Field study of fecal excretion as a decision support tool in response to silent reintroduction of wild-type poliovirus 1 into Israel. Academic Article uri icon


  • Background Israel has used an inactivated polio vaccine (IPV)-only schedule since 2005 (95% coverage). Silent reintroduction of wild type poliovirus 1 (WPV1) into Israel in early 2013 was detected in Southern Israel via routine environmental surveillance without clinical cases. Objectives To estimate the rate of WPV1 excretion by age and residence and inform decision-making regarding supplemental immunization with OPV. Study design A convenience sample of Bedouin and Jewish residential areas in the epicenter of the incident, focusing on under 8 year-olds who not previously given OPV. Fecal samples were directly tested for WPV1 RNA using a novel qRT-PCR assay. Positive samples were confirmed by gold standard cell culture and subject to genotyping. Results Overall, 2196 non-duplicate fecal samples were collected and analyzed. WPV1 was detected in 61 samples (2.8%), 55 of which (90.2%) were from Bedouins. WPV1 excretion rates were 5.4% among Bedouins and 0.6% among Jewish individuals. Respective age-specific rates among Bedouin and Jewish children were 4.9% and 0.2% for 0–2 years and 7.2% and 1.7% for 2–8 years. Molecular testing had 89.5% sensitivity (higher than culture) and 100% specificity. Conclusion The rapid performance of a field study to evaluate WPV1 excretion unequivocally demonstrated substantial WPV1 infection rates among children under 8 years in Southern Israel, thus informing the decision to vaccinate this age group with bOPV and risk communication to both healthcare personnel and the public. Rapid development and implementation of molecular screening can thus underpin risk assessment and management in complex epidemiological situations.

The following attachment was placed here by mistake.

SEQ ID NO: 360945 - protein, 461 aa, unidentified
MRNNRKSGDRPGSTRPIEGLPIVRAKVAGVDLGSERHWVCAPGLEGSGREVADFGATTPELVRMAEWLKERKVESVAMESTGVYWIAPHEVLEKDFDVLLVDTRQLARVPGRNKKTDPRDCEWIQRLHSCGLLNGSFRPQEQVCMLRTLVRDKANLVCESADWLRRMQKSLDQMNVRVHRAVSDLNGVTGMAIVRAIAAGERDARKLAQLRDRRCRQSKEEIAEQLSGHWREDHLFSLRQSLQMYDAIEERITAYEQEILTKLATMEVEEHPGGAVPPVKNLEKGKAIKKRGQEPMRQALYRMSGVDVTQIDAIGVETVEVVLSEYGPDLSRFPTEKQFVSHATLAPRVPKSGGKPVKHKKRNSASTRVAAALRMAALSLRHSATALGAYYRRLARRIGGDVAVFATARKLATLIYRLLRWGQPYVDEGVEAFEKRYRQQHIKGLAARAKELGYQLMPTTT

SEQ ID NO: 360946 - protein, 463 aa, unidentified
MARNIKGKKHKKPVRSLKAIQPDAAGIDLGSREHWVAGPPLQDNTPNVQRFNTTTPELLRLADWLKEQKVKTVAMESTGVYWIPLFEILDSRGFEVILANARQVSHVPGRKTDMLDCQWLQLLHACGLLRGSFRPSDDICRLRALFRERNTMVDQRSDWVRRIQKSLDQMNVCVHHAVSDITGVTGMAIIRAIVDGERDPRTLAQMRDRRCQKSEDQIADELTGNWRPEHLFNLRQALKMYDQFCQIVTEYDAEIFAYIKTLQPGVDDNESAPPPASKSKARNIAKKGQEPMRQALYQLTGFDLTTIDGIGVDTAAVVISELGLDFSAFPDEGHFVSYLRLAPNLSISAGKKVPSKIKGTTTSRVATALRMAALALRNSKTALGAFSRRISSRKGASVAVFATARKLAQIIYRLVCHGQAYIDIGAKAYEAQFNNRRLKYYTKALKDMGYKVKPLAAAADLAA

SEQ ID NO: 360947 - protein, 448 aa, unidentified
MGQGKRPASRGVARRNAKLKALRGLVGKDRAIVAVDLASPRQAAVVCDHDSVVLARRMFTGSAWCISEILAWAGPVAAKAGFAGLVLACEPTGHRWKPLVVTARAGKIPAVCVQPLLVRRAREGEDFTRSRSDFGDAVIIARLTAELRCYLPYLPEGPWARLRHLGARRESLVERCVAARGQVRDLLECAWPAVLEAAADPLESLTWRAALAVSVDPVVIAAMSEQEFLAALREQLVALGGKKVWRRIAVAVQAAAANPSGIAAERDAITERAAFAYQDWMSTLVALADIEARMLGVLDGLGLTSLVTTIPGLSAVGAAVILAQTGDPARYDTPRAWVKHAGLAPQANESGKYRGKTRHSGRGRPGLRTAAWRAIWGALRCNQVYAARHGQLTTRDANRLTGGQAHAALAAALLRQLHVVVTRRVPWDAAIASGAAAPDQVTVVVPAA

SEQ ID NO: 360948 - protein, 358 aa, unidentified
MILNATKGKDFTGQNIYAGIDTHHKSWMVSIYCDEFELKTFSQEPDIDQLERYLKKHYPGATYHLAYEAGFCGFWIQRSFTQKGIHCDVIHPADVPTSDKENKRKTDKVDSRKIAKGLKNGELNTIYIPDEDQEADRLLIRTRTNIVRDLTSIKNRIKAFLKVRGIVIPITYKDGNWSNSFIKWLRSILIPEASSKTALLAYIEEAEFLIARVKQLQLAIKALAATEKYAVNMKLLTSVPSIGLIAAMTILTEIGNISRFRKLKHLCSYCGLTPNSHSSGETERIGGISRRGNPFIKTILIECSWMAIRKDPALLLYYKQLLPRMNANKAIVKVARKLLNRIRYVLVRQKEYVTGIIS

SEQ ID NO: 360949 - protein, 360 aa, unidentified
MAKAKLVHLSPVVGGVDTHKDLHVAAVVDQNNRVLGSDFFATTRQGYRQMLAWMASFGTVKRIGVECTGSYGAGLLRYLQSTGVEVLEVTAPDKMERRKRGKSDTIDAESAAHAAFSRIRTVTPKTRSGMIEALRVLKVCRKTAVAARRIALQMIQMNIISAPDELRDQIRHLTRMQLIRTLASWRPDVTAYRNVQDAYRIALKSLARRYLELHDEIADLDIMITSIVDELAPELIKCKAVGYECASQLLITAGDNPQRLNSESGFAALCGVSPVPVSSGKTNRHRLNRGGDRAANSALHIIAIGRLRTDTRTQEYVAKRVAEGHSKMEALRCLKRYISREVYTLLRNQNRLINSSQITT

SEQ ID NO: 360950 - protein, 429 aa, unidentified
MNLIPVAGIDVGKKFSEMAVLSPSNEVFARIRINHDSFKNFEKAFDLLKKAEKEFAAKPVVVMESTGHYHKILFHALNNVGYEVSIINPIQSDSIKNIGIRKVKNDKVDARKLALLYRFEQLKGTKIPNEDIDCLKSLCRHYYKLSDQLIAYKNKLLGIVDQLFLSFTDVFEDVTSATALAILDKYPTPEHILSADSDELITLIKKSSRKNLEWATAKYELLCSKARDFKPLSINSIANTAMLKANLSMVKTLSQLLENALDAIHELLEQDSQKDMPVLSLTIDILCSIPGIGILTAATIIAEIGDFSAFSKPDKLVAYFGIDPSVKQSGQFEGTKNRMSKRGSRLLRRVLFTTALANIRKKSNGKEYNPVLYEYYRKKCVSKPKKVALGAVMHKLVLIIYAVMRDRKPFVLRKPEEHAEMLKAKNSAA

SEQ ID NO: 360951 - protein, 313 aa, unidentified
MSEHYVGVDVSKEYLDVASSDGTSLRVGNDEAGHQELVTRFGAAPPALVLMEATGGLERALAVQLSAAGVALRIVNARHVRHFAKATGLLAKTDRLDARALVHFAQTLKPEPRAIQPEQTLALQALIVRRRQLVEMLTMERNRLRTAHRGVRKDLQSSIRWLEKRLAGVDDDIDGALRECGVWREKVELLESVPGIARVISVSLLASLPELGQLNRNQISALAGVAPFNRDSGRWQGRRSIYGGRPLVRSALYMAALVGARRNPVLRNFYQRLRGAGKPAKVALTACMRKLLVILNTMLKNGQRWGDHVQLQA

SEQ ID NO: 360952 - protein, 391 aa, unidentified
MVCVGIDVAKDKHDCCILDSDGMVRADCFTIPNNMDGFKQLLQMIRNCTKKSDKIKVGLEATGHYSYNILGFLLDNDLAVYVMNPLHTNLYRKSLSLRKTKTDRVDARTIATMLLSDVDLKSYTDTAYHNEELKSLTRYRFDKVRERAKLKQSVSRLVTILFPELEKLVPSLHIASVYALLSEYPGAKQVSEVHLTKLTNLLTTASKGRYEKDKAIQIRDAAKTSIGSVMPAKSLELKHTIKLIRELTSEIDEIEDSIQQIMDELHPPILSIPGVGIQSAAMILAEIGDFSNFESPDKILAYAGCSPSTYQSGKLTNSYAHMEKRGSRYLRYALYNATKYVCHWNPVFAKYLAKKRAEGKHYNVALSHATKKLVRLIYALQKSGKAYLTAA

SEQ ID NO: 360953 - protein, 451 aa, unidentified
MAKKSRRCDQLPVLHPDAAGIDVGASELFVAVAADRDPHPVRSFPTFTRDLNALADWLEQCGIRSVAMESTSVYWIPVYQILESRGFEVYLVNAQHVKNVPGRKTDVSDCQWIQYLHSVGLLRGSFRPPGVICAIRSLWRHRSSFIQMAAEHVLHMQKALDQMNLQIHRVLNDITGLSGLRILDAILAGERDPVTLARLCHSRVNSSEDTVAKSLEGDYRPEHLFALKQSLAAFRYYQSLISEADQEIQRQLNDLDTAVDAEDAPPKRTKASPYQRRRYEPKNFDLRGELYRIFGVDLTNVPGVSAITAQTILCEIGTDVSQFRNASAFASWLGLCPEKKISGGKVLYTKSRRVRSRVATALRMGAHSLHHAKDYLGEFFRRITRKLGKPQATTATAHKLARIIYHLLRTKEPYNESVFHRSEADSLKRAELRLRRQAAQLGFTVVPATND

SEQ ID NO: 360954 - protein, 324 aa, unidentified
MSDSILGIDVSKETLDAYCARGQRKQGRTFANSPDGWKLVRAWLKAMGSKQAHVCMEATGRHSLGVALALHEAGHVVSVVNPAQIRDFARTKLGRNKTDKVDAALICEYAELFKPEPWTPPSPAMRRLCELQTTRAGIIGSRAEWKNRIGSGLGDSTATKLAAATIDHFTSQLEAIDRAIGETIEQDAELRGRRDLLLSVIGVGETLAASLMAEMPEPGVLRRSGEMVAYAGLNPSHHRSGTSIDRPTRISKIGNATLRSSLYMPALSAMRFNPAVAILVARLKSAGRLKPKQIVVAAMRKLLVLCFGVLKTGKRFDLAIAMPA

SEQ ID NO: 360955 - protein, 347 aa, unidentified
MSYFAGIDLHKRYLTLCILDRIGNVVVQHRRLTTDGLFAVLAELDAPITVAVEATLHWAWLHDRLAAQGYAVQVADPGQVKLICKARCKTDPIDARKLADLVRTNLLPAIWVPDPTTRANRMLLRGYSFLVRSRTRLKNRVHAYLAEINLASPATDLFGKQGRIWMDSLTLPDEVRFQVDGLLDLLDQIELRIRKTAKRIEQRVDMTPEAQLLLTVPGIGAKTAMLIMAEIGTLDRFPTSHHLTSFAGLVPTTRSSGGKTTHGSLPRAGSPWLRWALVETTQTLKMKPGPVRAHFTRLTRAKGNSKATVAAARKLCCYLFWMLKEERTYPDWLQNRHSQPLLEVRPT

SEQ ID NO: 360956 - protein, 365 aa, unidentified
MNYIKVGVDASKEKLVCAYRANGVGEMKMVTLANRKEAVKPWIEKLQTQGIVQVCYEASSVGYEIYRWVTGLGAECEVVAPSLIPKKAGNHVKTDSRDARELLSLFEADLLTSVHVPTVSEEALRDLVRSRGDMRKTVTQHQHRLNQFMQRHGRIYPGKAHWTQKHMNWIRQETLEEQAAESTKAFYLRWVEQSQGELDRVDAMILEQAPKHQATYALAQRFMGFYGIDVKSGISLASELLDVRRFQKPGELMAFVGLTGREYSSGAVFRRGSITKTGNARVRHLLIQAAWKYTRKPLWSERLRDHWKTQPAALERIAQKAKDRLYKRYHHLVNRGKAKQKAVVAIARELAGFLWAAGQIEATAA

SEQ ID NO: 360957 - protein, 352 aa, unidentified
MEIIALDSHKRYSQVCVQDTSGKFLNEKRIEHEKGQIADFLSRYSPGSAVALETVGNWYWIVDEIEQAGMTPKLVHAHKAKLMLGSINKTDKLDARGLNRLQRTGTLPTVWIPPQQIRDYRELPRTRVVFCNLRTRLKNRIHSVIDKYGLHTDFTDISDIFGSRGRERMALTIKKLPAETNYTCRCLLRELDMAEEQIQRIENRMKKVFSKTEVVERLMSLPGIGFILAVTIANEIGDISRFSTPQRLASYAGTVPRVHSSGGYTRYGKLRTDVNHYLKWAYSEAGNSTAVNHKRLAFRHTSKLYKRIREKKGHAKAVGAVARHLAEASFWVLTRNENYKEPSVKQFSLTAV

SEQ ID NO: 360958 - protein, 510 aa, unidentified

publication date

  • March 1, 2015